So when a senior loses their husband or wife, they’re facing an immense change. Even if they can magically get past the grief associated with the death of a spouse, they are facing one of the biggest changes in their lives. Now, they have to move on alone.
Thankfully, there are ways to help seniors emerge from this huge change successfully. Yes, it is possible to move on after a spouse has died.
One thing to remember about grieving over the death is that this is a process, not an event. That means dealing with this loss will take time and cannot be instantly cured by a better event. It also means that everybody will deal with this on their own pace; there’s no set time that a senior will suddenly be over things.
Also, you need to know that men and women sometimes react differently to that new gap in their life. Both are in pain and need support, of course. But some men will be at a loss for household chores normally done by their wife, whereas some women can worry about feeling safe at home with the loss of their husband.
How can you help a senior coping with the loss of their spouse? Rather than trying to fix them or create the one thing that makes it all better, start by focusing on the senior’s daily life.
For example, look into having essential things delivered to their home. Most seniors take medicine of some kind, so having them dropped off can make sure the widow remembers to take them. Hiring a housekeeper can be a huge help, especially if the spouse who passed on did most of the cleaning. Just knowing that a housekeeper will come by to wash some dishes and vacuum the rugs can help with their mood.
You can also look into technologies that help seniors live alone at home. A tablet or smartphone with a strong camera can lead to video chats that help reduce loneliness, while a Fitbit can help seniors (and you) keep an eye on fitness and health.
Because this is a process that takes time, there isn’t any panacea or cure-all for the depression that follows the loss of a loved one. However, there are a few things most everyone can do to take control of that grief.
At first, moving on might seem impossible. There are just too many things to think about. However, by understanding how the grief process works, the senior can get a handle on it. Then by making a few improvements to their daily life and gaining control over grief, that senior can emerge from this huge change soon enough.
A child's ability to understand death varies according to his or her age.
Infants and Toddlers feel a loss through the absence of a loved one, interruption in their regular routine, and through the grief and stress they sense in their parents or other family members. Make sure to spend extra time holding and cuddling the child, and try to keep them on a regular schedule as much as possible.
Younger children might have trouble understanding the permanence of death or differentiating between fantasy and reality. They also might believe the death of a loved one is a form of punishment for something the child did. When you talk to young children about death, make sure to use concrete language, avoid euphemisms, and reassure the child that the death is not a consequence of something he or she did.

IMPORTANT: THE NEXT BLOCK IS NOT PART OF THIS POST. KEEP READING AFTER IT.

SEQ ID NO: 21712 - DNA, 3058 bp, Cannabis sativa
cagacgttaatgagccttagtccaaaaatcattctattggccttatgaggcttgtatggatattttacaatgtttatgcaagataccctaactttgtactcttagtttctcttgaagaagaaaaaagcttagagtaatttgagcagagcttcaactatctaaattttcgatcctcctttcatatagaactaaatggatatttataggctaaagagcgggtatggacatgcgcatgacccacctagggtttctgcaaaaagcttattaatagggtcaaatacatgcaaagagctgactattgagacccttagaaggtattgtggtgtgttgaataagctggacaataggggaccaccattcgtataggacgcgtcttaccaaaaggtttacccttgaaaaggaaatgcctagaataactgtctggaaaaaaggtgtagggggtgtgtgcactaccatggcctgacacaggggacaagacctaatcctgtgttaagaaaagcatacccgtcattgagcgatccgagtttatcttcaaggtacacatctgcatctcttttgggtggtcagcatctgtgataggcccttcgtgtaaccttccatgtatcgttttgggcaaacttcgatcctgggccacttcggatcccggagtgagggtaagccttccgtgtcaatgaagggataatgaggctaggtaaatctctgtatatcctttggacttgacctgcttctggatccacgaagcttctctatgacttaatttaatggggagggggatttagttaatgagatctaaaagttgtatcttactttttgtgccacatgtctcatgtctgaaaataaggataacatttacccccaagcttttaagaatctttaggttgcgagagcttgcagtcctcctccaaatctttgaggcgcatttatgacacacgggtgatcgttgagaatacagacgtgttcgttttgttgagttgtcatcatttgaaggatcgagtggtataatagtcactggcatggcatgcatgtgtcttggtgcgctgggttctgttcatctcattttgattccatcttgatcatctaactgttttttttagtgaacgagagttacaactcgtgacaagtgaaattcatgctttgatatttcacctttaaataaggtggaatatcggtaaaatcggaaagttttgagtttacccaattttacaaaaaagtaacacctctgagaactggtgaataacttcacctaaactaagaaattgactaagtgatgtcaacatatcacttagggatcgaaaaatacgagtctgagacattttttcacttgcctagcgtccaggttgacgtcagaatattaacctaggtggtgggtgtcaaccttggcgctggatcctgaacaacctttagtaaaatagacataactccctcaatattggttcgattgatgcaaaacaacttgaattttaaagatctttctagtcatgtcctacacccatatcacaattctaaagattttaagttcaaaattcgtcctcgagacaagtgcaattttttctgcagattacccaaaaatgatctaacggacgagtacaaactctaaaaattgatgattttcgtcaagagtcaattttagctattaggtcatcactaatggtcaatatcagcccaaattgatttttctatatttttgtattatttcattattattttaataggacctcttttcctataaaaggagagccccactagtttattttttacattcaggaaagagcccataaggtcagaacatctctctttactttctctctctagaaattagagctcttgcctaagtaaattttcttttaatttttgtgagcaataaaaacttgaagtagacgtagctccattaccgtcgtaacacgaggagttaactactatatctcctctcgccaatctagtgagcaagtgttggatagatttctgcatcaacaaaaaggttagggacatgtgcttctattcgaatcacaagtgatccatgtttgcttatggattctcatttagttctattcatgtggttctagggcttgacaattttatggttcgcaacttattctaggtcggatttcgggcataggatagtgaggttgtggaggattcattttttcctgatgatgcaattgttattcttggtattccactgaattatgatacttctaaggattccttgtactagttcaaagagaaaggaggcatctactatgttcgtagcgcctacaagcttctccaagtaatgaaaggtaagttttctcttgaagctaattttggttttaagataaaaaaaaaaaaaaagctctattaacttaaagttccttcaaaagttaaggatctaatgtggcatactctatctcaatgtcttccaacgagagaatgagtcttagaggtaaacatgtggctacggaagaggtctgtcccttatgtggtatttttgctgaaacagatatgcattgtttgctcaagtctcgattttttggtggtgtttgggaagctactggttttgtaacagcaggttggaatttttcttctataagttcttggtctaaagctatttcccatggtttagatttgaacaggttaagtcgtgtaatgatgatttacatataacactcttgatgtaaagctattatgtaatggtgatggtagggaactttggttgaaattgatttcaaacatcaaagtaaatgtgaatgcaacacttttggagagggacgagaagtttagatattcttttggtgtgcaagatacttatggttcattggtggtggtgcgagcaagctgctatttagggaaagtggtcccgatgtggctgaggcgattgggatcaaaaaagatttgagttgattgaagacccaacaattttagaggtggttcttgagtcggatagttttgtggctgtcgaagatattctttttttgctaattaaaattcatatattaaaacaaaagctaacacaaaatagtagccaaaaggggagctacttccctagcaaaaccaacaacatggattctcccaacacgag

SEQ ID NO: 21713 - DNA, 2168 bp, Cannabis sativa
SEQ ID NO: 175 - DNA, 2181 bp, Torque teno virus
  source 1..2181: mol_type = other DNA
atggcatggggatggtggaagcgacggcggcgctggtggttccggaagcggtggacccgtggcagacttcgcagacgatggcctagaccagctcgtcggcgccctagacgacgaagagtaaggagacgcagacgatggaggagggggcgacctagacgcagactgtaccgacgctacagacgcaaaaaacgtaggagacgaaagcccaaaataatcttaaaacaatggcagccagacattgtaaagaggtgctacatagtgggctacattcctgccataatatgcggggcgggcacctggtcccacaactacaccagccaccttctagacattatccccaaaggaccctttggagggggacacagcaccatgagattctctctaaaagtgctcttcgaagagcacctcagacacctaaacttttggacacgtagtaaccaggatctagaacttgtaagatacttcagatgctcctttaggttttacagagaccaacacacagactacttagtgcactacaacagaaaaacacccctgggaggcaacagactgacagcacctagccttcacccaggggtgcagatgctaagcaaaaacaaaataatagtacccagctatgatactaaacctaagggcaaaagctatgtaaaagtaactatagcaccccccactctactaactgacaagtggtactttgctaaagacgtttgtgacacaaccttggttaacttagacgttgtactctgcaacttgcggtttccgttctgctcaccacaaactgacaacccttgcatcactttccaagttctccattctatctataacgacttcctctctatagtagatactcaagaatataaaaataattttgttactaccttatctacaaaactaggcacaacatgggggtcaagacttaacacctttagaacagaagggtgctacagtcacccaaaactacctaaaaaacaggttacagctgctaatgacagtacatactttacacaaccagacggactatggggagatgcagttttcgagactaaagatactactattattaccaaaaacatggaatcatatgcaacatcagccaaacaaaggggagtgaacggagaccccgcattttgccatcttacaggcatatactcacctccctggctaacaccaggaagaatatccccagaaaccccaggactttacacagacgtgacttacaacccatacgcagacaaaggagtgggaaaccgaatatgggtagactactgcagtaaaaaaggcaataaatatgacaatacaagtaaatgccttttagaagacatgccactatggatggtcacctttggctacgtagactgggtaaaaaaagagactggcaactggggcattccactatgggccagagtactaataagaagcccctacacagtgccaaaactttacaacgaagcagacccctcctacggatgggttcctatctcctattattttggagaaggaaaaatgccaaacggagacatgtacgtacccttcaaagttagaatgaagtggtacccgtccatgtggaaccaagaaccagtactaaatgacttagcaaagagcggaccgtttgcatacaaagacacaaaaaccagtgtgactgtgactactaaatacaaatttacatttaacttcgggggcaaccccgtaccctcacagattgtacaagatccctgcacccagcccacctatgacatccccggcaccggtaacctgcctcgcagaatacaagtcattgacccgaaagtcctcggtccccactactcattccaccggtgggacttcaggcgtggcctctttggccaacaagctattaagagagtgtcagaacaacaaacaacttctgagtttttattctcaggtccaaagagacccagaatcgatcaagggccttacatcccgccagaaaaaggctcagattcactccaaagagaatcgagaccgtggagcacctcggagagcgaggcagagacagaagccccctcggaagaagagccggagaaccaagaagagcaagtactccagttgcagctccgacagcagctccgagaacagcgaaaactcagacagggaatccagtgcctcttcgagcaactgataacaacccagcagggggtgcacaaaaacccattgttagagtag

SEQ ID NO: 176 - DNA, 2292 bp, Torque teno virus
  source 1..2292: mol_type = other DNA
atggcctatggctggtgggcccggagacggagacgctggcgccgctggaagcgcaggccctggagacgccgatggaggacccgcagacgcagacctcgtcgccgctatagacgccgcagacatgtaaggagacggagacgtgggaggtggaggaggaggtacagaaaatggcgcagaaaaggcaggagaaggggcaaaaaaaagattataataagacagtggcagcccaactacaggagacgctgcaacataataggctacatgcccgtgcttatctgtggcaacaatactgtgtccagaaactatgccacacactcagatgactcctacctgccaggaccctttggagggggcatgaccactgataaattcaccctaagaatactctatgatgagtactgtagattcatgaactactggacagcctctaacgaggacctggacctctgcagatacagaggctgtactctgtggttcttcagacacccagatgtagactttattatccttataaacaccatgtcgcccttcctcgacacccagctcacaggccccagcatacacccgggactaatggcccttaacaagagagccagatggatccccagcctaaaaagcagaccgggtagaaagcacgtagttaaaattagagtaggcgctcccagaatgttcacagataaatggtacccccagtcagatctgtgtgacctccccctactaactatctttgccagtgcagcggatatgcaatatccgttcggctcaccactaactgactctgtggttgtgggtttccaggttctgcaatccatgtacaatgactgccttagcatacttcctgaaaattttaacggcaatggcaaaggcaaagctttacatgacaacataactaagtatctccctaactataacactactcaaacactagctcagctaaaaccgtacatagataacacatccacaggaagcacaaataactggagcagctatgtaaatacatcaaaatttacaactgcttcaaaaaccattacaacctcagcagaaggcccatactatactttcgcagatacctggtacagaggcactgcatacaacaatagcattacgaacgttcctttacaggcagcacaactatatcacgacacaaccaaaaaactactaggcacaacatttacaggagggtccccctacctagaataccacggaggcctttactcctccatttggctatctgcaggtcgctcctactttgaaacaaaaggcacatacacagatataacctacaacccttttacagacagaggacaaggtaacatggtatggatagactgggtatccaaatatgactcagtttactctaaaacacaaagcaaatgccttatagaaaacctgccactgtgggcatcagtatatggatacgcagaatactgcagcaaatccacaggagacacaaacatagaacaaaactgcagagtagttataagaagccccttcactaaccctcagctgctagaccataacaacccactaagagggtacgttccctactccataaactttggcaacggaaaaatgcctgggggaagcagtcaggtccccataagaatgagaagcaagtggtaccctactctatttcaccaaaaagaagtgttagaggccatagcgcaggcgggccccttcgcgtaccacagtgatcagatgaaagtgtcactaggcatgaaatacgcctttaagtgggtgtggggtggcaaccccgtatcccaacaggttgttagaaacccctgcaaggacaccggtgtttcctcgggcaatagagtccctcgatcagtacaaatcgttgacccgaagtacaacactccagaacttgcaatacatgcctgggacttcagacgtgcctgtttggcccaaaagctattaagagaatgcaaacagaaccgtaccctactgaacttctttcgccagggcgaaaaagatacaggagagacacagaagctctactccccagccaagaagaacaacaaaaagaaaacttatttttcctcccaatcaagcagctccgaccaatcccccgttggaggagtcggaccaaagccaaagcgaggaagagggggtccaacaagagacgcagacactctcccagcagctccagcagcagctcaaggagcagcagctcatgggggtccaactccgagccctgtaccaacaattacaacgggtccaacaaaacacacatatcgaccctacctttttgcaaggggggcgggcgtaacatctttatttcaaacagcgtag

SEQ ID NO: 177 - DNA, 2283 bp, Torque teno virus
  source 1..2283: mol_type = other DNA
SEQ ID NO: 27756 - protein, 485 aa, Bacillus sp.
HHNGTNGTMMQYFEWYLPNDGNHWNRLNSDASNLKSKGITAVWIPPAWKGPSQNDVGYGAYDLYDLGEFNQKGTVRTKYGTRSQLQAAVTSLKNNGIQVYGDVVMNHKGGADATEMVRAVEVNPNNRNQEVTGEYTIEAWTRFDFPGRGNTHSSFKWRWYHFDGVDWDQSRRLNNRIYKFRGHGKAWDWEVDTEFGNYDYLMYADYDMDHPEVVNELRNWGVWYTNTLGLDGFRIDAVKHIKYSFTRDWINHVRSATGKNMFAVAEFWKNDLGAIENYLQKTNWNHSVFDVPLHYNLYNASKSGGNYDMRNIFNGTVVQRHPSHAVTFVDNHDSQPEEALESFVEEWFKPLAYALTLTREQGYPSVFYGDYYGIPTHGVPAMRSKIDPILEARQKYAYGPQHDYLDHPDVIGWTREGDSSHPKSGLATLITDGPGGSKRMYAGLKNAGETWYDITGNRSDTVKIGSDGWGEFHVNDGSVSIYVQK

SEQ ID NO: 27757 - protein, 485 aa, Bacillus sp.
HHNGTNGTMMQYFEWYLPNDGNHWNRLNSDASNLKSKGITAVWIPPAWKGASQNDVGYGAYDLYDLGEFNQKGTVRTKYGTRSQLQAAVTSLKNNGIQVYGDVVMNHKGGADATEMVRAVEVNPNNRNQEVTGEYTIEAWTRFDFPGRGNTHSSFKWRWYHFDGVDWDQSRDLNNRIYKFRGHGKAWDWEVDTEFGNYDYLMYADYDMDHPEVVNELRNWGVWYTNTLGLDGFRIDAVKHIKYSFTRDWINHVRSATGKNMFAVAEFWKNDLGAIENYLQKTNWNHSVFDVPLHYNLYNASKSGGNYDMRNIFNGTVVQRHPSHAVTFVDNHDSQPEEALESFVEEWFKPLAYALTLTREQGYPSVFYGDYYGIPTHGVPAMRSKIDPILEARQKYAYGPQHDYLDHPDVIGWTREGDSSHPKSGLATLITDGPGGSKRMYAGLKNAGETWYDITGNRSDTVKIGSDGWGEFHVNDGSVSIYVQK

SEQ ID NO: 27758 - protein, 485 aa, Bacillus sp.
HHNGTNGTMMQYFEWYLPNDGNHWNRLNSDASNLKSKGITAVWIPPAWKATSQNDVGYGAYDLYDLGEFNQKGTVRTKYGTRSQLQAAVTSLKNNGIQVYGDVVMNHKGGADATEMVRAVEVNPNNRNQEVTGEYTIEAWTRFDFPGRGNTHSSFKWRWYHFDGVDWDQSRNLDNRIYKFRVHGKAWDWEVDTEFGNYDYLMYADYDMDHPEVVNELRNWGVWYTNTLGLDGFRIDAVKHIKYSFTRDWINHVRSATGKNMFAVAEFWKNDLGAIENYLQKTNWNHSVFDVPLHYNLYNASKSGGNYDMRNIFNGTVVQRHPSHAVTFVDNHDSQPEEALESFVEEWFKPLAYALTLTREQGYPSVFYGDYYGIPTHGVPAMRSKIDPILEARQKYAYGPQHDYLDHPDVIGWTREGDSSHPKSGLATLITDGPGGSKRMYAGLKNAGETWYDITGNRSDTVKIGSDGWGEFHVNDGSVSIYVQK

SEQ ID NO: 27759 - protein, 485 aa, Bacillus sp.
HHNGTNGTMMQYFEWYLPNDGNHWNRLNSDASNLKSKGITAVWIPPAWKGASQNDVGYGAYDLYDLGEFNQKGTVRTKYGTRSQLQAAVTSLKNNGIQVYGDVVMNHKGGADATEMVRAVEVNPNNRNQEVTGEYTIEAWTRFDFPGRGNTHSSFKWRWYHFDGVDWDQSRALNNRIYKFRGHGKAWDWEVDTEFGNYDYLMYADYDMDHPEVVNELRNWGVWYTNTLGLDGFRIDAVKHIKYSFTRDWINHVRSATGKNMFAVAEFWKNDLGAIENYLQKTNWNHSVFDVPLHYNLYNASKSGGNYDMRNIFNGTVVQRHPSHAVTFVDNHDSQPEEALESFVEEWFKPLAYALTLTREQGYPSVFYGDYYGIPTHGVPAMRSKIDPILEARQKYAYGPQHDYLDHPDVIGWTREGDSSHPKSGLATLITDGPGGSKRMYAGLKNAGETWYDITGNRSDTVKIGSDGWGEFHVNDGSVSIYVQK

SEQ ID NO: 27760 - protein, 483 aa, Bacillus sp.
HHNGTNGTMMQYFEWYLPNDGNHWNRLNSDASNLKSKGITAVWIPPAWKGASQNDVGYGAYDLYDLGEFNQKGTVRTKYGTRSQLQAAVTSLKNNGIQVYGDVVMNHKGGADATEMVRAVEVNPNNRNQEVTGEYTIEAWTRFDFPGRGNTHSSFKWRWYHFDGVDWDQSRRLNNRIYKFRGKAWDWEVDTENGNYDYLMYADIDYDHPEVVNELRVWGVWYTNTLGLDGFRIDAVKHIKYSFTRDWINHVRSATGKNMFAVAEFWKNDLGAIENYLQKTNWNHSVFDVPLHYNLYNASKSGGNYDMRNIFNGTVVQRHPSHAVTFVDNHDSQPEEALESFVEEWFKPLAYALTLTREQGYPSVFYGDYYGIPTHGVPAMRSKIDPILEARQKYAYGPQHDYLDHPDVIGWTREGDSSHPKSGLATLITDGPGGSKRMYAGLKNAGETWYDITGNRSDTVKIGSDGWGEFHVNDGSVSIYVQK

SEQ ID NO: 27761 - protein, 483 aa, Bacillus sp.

Older children are beginning to understand the permanence of death, and might associate it with old age or personify it in terms of frightening images or a cartoonish boogeyman. They often know more about how the body works, and have more specific questions. It's important to answer their questions to the best of your ability, and provide as much specific, factual information as possible. Try to keep them to regular routines, and give them opportunities for the constructive venting of feelings and grief.
Teenagers process grief more like adults, experiencing anger and sadness as they begin to cope. Don't feel disappointed if it seems that they may want to talk more to their friends than to parents, this is normal and can help them to share their feelings and heal. Because their grief is similar to that of an adult, a teenager may take longer to recover from a loss than a younger child. Questions may come up about mortality and vulnerability, and your role is to empathize with them, listen to their concerns, and remind them that their feelings are normal and things will get better with time.
The following links provide more detailed information on a variety of topics related to helping children and teens cope with loss.
This guide was created by Sesame Workshop, the educational organization behind Sesame Street. It explores children's understanding of death and offers information about communicating, ideas for coping together, and ways to move forward with your children after a loss.
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This list from Allina Health recommends children’s books that deal with death and grief. There are suggestions for children of all ages, from preschool to age 12. They also have books for different types of losses, such as the loss of a parent, sibling, grandparent, friend, or pet. With these books, you can start a meaningful conversation with your child and help them understand their feelings
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Here you'll find a Huffington Post article by Judith Acosta containing advice and guidance from her book Verbal First Aid, which counsels parents on ways to help kids heal from fear and pain in a variety of situations, including the death of a loved one. If you find the advice in the article helpful, you may want to read her book for even more insight.
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